Is Cloud a good IT investment strategy?

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Arpan Bansal , AVP – COE, Newgen Software, says cloud technologies and models have earned a place as one of the core disruptors of the digital age.

While the cloud market has matured over the years, its interaction with the rapidly growing data and analytics landscape suggests there are ample new disruptive opportunities for cloud ahead.

The big cloud players help organizations to move their data into their ecosystems. Large enterprises from several industries are transitioning their IT infrastructure and data ecosystems into the cloud. In an effort to offer a better in-store customer service to fully leveraging advances in manufacturing, companies from several sectors are seeing the writing clear on the wall – Cloud strategies cut cost and risk and boost efficiency and revenue growth.

By 2017, over 50 percent of organizations’ IT spending will be for 3rd platform technologies, solutions, and services, rising to over 60 percent by 2020.

RoI on Cloud

Keeping a check on the fluctuations in cloud deployment costs will require IT leaders to rely on powerful analytics solutions that are on-hand all the time. Self-service data integration and data-prep solutions may have been the rage in 2015, but 2016 is going to be much about simple methods for pushing data from inside organizations as well as from web platforms into cloud data ecosystems. Hybrid cloud strategies are getting easier to adopt. While security remains a crucial cloud challenge, lack of resources and expertise is being looked upon as a top priority area.

With a pay-per-use model of cloud usage, organizations need little or no upfront investment to deploy their cloud model and therefore, cloud is quite a high RoI proposition. As far as challenges are concerned, organizations still need to be sure about which business segments they need to go for in-house data centres and become a part of a third party cloud ecosystem respectively.

Cloud: Public, Private or Hybrid?

Likewise, organizations need to ensure that they make an informed choice about whether to deploy private cloud, public cloud or hybrid cloud, depending upon the specific nature of their business. Implementing a private cloud gives a proprietary and highly customized data architecture. With private cloud, an enterprise stands to score high marks on information security, confidentiality as well as regulatory adherence and compliance.

On the other hand, public cloud is preferable for the more voluminous, mundane and working levels of data and information management for which security is lower on priority than the potential business advantage that could be extracted out, courtesy the timely access essential to such data and content.

Hybrid Cloud is an overlap between the two clouds that could help organizations anticipate and avoid potentially hazardous bottlenecks of time, money and effort. Therefore, while the technicalities of how to implement and manage the system can always be worked out, what really matters is how much tailoring, what level of customization businesses are able to bring about to exactly meet their dynamic business needs.

Cloud adoption is witnessing a particularly heavy usage in front-end, customer centric processes and touch-points such as retail bank branches, customer service and support centres, self-service customer portals, points of sale such as physical stores, e-stores, after-sales, marketing and customer management.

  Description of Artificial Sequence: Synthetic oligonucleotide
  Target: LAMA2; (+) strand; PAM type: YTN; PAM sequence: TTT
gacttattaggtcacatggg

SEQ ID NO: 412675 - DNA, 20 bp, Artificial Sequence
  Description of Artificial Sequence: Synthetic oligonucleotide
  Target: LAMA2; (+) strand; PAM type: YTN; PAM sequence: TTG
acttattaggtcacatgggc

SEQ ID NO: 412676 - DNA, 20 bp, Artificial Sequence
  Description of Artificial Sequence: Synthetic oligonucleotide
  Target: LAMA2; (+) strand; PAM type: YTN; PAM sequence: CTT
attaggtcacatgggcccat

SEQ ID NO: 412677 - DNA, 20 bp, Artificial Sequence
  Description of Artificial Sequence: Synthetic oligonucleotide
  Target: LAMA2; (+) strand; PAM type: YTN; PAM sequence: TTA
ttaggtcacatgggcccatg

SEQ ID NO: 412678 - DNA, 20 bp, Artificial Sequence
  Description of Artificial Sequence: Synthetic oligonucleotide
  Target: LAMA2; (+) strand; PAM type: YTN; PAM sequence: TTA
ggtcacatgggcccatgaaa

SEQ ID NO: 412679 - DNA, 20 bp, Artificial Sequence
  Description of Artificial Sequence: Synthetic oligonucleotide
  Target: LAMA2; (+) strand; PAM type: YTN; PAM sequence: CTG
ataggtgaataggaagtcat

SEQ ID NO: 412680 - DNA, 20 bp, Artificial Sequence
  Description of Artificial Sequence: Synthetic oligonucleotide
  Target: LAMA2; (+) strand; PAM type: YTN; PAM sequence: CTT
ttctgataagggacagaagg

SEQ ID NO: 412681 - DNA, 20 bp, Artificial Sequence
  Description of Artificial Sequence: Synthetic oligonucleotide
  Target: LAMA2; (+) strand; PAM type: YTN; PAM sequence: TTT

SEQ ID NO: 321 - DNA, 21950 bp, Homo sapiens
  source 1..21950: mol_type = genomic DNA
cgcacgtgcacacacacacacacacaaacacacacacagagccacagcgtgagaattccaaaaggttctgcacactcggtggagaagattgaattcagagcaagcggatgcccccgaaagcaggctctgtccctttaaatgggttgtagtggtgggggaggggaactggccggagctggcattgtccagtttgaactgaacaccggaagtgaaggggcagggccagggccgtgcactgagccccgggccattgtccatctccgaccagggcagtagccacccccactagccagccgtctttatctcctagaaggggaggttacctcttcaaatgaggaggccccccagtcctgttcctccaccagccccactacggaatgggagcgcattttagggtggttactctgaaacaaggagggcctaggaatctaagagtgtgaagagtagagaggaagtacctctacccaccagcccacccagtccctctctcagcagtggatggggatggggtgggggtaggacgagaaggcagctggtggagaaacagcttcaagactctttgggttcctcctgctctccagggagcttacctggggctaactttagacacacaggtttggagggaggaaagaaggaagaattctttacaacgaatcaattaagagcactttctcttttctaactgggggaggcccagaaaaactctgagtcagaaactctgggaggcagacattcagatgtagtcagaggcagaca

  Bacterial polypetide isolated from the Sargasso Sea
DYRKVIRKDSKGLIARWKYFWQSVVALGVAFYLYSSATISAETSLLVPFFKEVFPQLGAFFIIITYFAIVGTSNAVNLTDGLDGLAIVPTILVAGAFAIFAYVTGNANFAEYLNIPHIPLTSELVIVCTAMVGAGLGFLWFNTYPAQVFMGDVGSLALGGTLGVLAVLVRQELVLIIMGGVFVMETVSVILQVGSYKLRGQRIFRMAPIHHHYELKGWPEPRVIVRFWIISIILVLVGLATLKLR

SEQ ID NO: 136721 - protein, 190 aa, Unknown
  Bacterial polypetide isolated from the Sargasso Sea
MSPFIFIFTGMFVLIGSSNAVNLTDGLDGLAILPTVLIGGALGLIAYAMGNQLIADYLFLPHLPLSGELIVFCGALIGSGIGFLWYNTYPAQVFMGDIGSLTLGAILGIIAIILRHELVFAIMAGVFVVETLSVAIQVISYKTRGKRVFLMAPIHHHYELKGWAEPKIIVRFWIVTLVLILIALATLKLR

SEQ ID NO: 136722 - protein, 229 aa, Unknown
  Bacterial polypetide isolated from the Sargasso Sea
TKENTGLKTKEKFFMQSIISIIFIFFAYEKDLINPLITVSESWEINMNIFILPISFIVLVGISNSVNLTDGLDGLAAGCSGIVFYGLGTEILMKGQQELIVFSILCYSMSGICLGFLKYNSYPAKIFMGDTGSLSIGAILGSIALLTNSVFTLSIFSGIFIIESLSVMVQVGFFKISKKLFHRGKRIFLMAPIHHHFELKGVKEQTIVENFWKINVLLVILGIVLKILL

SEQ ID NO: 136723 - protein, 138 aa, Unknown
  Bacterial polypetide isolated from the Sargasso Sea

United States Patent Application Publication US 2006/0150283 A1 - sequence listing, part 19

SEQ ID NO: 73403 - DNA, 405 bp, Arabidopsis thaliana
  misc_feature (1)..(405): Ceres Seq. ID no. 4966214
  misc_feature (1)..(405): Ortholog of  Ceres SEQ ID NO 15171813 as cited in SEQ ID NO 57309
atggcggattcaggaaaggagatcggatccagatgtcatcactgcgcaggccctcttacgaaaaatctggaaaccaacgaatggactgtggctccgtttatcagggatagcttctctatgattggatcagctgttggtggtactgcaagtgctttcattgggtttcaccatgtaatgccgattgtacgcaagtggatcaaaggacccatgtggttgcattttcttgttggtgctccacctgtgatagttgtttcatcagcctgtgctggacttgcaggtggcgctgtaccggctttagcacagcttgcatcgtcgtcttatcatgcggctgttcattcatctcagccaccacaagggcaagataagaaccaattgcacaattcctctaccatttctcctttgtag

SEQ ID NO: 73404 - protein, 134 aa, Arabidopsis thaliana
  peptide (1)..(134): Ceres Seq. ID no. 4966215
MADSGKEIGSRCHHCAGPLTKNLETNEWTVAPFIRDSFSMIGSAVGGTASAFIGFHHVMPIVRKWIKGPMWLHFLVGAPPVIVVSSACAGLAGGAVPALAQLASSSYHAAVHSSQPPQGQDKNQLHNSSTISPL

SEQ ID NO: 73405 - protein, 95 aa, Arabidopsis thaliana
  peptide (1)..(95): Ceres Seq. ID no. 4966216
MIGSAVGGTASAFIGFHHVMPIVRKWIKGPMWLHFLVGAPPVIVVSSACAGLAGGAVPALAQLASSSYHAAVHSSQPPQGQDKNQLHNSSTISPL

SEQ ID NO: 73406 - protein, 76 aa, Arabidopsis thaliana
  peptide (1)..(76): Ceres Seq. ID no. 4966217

Future trends in Cloud

Cloud technology has a bright future in India, given the need for enterprises to focus on their core business rather than expend money, time, resources and efforts over managing their cloud deployment. With a fast growing economy, corporate India is set to get further globalized and the international boundaries of business are going to shrink further, paving way for cloud to become an integral business strategy. So for all the enterprise CIOs in India and beyond, it’s a must to devise a robust cloud mechanism as a part of the overall IT and business strategy.

2015 marked the point when cloud computing matured and became the go-to platform for a large portion of enterprise applications and data. While cost savings may not have been achieved in most cases, things like flexibility, scalability, and lower capital expenditures are enticing when compared to traditional in-house data centres.

2016 is likely to see improvements of current-generation cloud environments and offerings as well as completely new technologies for application developers to take advantage of. Migration of legacy applications will continue to be a primary cloud focus for IT staff as well as the development of brand new applications optimized to operate within cloud environments. And in both cases, security will be a consistent and important theme.

Another common theme is going to be that previous challenges and roadblocks that once prevented apps from being deployed into the cloud will no longer be such burdens. For the most part, any application that enterprises can think of will be able to be run within a cloud environment. This will be a huge step for many organizations that have been unable to take advantage of cloud benefits due to regulatory or compliance restrictions.

Last, certain trends in cloud architecture such as containerization and hyper-convergence will become much more common in 2016. This will be due to changes in application designs, IoT growth, and the speed at which cloud providers need to address customer requirements. Next-generation solutions will demand a next-generation cloud.

By Arpan Bansal , AVP – COE, Newgen Software